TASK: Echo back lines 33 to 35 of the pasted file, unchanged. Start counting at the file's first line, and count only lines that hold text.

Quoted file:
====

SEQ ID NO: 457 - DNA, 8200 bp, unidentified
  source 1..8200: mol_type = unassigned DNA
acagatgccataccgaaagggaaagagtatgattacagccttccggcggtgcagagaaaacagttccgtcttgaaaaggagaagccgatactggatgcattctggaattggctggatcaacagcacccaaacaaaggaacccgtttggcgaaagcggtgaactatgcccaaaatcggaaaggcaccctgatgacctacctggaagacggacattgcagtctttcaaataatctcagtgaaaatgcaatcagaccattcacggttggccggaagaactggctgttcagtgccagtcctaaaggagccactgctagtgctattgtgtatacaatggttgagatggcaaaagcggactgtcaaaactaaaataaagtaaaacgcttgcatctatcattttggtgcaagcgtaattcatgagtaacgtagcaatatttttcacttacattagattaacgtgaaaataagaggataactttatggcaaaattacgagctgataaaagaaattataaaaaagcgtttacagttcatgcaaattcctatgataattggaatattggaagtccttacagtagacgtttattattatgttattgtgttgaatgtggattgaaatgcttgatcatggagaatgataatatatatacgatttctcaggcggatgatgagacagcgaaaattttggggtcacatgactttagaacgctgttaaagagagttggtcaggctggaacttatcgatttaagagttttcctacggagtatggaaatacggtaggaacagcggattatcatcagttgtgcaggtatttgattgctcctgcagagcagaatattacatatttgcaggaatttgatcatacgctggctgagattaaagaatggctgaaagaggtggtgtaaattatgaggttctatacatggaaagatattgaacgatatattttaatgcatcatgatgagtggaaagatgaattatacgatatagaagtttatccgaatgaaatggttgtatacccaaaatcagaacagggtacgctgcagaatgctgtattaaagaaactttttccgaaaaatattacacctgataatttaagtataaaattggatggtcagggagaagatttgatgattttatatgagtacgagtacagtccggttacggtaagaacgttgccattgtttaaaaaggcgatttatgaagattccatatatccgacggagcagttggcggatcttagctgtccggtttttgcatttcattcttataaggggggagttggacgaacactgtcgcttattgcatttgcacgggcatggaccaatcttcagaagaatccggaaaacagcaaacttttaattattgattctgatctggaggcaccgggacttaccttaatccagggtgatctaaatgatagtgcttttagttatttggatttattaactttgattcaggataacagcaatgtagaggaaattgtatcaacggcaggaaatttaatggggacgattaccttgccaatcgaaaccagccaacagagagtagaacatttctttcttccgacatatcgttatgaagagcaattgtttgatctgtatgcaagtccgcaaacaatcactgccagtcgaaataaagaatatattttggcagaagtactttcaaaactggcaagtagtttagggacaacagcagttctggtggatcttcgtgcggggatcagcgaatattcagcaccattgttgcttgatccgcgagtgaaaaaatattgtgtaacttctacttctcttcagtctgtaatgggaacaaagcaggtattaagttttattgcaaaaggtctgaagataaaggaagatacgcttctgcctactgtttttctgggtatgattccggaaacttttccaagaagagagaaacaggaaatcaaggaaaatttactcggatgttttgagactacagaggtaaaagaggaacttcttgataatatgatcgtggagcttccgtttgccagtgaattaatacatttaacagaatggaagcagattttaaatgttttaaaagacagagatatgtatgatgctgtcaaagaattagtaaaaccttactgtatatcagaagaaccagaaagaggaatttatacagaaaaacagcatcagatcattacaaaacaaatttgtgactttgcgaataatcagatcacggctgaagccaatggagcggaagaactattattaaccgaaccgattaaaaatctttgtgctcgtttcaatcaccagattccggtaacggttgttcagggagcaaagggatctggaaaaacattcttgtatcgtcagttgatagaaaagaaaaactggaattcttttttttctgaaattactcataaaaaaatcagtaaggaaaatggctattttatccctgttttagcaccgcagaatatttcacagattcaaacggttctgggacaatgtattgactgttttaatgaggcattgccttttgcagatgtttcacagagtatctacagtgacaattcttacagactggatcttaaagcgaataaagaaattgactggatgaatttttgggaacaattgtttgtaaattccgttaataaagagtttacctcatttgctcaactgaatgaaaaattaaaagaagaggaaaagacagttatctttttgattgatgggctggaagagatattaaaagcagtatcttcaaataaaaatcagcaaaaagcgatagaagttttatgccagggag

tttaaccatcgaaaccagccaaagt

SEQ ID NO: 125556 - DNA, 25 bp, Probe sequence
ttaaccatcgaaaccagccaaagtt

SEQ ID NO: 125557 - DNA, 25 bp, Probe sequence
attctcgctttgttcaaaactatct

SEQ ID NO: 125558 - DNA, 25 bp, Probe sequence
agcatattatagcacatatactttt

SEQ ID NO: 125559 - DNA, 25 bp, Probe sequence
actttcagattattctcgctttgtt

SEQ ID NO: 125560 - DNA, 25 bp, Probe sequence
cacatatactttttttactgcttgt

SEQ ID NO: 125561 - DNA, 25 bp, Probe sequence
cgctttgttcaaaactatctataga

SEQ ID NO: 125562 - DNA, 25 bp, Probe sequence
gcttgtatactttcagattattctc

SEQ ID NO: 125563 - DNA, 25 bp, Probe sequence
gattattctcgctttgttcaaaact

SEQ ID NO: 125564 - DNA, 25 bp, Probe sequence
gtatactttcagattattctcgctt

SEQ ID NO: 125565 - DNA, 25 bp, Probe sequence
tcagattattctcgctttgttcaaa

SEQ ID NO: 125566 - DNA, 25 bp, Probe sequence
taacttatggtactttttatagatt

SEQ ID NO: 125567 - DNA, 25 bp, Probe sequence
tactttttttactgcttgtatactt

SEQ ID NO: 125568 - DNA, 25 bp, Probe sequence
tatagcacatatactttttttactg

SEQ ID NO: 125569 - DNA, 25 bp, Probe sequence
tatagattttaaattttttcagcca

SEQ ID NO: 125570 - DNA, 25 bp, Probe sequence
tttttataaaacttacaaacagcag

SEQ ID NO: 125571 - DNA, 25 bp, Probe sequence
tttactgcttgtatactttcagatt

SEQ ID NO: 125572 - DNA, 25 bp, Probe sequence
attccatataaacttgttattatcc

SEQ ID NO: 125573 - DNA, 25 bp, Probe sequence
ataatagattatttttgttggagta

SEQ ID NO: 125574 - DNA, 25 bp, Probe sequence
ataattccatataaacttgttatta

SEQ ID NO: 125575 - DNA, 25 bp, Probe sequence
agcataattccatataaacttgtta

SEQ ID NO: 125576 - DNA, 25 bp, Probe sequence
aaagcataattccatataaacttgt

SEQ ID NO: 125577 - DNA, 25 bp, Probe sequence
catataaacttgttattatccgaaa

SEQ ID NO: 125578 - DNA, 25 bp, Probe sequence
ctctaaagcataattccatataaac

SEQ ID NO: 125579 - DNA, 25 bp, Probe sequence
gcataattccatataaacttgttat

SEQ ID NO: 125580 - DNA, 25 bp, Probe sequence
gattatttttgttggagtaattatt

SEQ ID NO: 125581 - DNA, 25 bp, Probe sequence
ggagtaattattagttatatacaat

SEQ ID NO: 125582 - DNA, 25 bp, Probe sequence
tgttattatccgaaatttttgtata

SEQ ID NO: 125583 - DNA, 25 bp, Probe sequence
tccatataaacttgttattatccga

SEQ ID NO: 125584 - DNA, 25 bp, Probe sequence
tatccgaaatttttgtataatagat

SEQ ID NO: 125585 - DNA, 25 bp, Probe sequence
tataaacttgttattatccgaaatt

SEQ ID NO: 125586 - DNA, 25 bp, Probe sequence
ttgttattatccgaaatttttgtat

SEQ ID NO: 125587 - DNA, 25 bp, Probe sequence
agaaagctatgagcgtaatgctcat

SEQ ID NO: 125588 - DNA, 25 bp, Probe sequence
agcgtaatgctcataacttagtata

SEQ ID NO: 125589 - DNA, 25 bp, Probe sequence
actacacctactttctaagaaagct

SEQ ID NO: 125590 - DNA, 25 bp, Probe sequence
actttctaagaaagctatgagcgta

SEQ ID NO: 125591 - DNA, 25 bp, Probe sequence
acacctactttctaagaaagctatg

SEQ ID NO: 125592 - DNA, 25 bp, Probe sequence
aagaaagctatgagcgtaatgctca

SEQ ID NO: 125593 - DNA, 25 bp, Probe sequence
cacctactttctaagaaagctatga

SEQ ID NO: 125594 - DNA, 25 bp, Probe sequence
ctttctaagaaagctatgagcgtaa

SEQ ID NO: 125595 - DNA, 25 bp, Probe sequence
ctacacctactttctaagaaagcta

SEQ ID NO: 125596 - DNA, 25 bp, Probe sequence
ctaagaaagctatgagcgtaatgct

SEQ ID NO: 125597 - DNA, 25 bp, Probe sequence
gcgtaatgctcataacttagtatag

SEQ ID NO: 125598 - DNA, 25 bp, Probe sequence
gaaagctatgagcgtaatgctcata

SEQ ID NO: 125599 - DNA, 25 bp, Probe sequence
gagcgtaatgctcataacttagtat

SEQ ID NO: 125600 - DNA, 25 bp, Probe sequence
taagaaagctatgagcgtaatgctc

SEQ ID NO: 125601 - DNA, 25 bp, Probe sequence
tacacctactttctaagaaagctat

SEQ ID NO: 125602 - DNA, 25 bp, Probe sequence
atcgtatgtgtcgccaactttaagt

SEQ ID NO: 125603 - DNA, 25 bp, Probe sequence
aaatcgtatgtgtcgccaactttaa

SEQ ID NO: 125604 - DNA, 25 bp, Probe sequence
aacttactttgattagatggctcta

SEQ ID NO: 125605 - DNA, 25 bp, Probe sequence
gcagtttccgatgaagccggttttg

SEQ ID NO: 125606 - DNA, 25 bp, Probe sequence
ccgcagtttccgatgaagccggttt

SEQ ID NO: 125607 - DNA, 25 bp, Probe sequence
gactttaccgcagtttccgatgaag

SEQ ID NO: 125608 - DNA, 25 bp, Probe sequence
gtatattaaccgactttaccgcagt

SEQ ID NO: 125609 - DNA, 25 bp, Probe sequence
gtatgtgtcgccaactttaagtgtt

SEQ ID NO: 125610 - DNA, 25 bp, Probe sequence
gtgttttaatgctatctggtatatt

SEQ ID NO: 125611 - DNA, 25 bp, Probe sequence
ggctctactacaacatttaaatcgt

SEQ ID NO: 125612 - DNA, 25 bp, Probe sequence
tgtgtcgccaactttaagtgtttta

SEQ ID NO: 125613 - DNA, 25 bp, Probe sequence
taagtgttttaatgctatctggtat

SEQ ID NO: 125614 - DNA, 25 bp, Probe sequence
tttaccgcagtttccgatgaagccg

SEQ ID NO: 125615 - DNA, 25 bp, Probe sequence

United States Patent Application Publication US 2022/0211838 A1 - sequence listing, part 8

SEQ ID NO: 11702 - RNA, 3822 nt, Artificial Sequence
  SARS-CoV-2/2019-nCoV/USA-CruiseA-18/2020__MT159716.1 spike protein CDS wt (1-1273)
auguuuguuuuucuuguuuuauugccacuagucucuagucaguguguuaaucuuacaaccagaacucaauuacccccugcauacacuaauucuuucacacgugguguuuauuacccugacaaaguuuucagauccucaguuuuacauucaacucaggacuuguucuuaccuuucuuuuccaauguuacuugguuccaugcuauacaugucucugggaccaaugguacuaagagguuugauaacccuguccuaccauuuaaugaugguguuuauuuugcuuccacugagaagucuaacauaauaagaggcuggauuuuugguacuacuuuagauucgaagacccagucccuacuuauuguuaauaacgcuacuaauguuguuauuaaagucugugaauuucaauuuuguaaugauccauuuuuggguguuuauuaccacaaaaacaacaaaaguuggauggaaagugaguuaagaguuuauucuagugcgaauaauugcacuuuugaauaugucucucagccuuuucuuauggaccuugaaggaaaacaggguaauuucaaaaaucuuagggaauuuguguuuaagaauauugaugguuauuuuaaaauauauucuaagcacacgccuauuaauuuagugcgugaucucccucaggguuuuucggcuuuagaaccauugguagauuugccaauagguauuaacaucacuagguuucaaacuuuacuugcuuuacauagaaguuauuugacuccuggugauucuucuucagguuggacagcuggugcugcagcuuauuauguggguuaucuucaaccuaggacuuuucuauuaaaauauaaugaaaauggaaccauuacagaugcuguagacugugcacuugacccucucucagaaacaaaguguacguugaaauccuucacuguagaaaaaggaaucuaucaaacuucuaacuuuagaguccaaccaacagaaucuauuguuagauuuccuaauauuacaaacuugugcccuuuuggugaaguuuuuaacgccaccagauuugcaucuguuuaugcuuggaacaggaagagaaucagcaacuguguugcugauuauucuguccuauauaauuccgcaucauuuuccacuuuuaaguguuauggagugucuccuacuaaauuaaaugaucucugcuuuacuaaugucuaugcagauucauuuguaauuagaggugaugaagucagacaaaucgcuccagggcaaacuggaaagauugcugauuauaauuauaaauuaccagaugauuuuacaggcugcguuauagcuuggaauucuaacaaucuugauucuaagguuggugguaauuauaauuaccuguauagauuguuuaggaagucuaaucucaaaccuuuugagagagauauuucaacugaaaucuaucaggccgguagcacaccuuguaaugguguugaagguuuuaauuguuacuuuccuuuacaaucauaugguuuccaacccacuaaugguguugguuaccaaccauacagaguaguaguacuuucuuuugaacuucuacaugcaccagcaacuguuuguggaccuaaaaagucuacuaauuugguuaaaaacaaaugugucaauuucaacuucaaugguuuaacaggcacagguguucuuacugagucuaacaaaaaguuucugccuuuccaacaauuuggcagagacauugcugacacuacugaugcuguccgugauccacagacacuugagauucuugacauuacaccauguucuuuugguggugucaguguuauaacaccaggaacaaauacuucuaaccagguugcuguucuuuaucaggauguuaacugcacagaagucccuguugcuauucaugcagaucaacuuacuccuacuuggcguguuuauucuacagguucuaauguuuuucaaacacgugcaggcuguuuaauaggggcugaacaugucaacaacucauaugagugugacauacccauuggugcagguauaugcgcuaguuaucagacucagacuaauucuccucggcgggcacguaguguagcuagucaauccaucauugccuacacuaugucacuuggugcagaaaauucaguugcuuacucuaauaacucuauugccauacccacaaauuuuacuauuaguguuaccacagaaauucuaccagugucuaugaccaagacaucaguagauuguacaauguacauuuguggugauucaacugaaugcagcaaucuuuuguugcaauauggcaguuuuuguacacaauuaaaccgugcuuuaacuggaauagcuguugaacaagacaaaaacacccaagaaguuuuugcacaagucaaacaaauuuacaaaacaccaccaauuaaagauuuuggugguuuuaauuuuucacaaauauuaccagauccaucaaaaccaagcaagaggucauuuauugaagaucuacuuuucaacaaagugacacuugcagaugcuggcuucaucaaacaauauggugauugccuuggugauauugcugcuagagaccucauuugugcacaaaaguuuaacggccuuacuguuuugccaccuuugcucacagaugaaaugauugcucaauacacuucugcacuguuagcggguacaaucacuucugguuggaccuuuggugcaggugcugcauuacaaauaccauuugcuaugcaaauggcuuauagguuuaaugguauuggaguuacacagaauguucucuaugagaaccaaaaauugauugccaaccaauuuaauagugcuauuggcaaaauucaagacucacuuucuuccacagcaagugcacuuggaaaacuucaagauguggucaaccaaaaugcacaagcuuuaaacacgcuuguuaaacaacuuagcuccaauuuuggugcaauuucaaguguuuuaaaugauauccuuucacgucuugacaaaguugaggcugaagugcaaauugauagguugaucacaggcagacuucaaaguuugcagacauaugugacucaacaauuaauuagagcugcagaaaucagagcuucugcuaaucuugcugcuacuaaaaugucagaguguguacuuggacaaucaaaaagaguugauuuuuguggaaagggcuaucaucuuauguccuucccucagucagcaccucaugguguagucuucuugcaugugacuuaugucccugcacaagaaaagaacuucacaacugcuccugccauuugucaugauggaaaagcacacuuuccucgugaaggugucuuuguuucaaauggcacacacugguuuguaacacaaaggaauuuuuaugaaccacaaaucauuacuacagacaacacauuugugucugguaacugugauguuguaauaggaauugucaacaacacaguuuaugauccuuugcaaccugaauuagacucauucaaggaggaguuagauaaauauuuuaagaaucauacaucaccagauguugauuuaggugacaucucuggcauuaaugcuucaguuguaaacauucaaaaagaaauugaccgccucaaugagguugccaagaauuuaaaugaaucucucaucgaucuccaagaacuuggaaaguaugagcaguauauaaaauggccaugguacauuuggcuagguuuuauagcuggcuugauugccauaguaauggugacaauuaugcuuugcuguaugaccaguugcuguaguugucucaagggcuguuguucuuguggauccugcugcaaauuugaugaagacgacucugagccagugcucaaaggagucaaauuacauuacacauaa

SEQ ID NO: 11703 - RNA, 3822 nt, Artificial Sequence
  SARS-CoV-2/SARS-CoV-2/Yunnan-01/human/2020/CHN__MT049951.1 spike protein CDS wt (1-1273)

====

SEQ ID NO: 125570 - DNA, 25 bp, Probe sequence
tttttataaaacttacaaacagcag

SEQ ID NO: 125571 - DNA, 25 bp, Probe sequence